Do you know what makes your organization different or better than your competitors? Often that difference is your "secret sauce", or competitive advantage. Legally, this is often known as your intellectual property (IP). Defining your IP as an asset allows you to implement similar protective rights that apply to real property (i.e., it is illegal for someone to steal your computer). Making sure you appropriately obtain or effectively use those protective rights is critical as it prevents potential competitors from copying your IP, which is a serious concern in our ever-increasing move to online commerce. You can monetize your IP in a couple of ways. First, by using it internally to provide your goods and services to customers, or second, by sharing it externally through licensing. But before you can monetize your IP, you need to understand what the different protections mechanisms available to you are and then appropriately implement them. Here are five types of IP protections:
Copyrights. A copyright gives the creator of original work exclusive rights (such as the right to use, display, copy, distribute, modify, sub-license, etc.) to it, usually for a period of time. Copyright may apply to a wide range of creative, intellectual, or artistic forms, or "works". Copyright does not cover ideas and information themselves, only the form or way they are expressed. You do not need to register a work in order to have copyright, but you must register the copyright if you want to sue another party for infringement. If you don't want to register for a copyright, you can discourage inappropriate use of your IP by placing copyright notices on things you create like your website, advertisements, materials, documents, presentations, etc. Copyright notices inform your customers, potential customers and employees what they can and can't do with something you created.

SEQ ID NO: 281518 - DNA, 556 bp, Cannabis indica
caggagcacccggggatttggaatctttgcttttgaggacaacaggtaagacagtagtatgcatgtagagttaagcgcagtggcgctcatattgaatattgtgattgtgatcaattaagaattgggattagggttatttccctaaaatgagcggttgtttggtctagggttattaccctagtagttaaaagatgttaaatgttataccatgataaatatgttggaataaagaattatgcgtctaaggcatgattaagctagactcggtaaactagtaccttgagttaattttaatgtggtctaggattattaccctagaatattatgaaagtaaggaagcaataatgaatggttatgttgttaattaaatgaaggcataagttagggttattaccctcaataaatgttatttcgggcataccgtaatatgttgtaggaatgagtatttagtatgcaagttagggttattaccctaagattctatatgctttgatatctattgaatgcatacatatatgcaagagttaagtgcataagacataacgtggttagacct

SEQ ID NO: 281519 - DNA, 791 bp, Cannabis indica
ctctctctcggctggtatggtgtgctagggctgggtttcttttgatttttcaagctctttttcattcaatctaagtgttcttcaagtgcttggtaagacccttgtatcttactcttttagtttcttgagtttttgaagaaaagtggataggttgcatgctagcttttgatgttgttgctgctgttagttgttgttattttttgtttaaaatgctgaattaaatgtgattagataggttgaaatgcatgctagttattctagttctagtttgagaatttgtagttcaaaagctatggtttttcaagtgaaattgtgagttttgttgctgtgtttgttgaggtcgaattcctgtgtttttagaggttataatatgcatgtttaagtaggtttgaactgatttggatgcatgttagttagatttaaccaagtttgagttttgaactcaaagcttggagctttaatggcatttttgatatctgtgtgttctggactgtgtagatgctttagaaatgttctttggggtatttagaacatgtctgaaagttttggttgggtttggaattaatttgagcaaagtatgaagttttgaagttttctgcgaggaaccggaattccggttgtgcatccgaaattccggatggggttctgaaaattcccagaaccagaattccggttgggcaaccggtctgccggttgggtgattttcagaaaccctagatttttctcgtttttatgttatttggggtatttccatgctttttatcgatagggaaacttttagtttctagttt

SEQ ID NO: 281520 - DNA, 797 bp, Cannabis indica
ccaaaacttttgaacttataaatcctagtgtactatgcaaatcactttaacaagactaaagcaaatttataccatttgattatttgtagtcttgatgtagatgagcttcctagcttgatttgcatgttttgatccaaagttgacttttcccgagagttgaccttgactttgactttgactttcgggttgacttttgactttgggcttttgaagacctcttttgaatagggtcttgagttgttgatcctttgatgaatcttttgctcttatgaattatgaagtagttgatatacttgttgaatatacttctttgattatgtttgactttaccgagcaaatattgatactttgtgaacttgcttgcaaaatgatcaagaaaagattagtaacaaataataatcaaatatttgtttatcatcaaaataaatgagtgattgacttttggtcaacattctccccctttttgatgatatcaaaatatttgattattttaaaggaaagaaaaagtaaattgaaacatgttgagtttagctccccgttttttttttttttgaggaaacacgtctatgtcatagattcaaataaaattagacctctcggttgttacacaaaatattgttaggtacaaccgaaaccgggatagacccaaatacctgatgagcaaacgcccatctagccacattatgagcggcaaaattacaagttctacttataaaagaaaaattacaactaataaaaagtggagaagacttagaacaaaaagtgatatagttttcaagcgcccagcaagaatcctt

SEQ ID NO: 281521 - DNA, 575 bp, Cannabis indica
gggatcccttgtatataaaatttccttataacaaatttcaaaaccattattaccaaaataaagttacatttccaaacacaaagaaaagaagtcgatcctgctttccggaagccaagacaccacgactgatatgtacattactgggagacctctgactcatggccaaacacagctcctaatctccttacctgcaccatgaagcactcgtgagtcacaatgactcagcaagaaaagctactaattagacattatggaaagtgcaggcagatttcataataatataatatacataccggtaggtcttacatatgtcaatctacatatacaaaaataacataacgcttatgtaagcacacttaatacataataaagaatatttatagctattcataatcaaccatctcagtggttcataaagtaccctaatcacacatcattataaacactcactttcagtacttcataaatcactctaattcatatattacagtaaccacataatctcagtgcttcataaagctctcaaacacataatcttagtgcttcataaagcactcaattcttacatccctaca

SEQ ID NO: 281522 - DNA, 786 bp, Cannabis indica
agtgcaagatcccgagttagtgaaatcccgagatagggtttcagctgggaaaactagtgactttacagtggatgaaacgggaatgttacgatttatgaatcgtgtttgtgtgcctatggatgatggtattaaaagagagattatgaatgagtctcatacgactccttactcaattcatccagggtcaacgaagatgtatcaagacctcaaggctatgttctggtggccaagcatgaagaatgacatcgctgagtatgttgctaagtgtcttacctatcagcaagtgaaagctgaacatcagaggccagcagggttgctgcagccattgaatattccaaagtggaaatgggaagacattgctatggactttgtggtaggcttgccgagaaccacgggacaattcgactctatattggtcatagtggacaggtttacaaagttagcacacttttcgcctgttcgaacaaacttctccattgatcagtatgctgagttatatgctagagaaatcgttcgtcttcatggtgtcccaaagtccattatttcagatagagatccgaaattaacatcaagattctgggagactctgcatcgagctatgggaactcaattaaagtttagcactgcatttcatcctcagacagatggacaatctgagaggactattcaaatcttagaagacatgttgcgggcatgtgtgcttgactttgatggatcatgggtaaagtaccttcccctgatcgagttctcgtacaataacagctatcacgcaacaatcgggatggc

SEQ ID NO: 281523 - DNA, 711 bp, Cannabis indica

Patents. A patent grants an inventor the right to exclude others from making, using, selling, offering to sell, and importing an invention for a limited period of time, in exchange for the public disclosure of the invention. To receive a patent, an inventor needs to file a claim that meets the minimum requirements of patentability, which typically include novelty (originality) and non-obviousness.
Trade Dress. Trade dress is the visual appearance, characteristics, and overall 'look and 'feel of a product or its container, packaging, or design, that uniquely signifies the source of the product to consumers. A trade dress application must include designs and drawings, the associated services or goods, and a description. A product qualifies for this registration based on the distinctiveness and functionality of its trade dress.
Trade Secrets. A trade secret is a formula, practice, process, design, instrument, pattern, or compilation of information which is not generally known or reasonably known and gives a company an economic advantage over competitors. By designating and handling something as trade secret a company gains protection as long as the information remains confidential and functions as a trade secret.
Trademarks. A trademark is a word, name, logo, symbol, device or combination, used to identify the source of goods or services to prospective purchasers. Filing a for a trademark provides notice to the public of your company's claim of ownership of the mark, gives you legal presumption of ownership nationwide, and the exclusive right to use the mark on or in connection with the goods/services listed in your registration.
Have you identified your IP and taken steps to appropriately protect them?
Failing to take steps to protect your "secret sauce" opens the door to competitors, employees and/or customers taking what you have worked hard to create and making it their own either intentionally or unintentionally. Working with a business lawyer who understands your business goals and intellectual property will help you identify what steps you need to take to protect and grow your business value in line with your goals and your budget.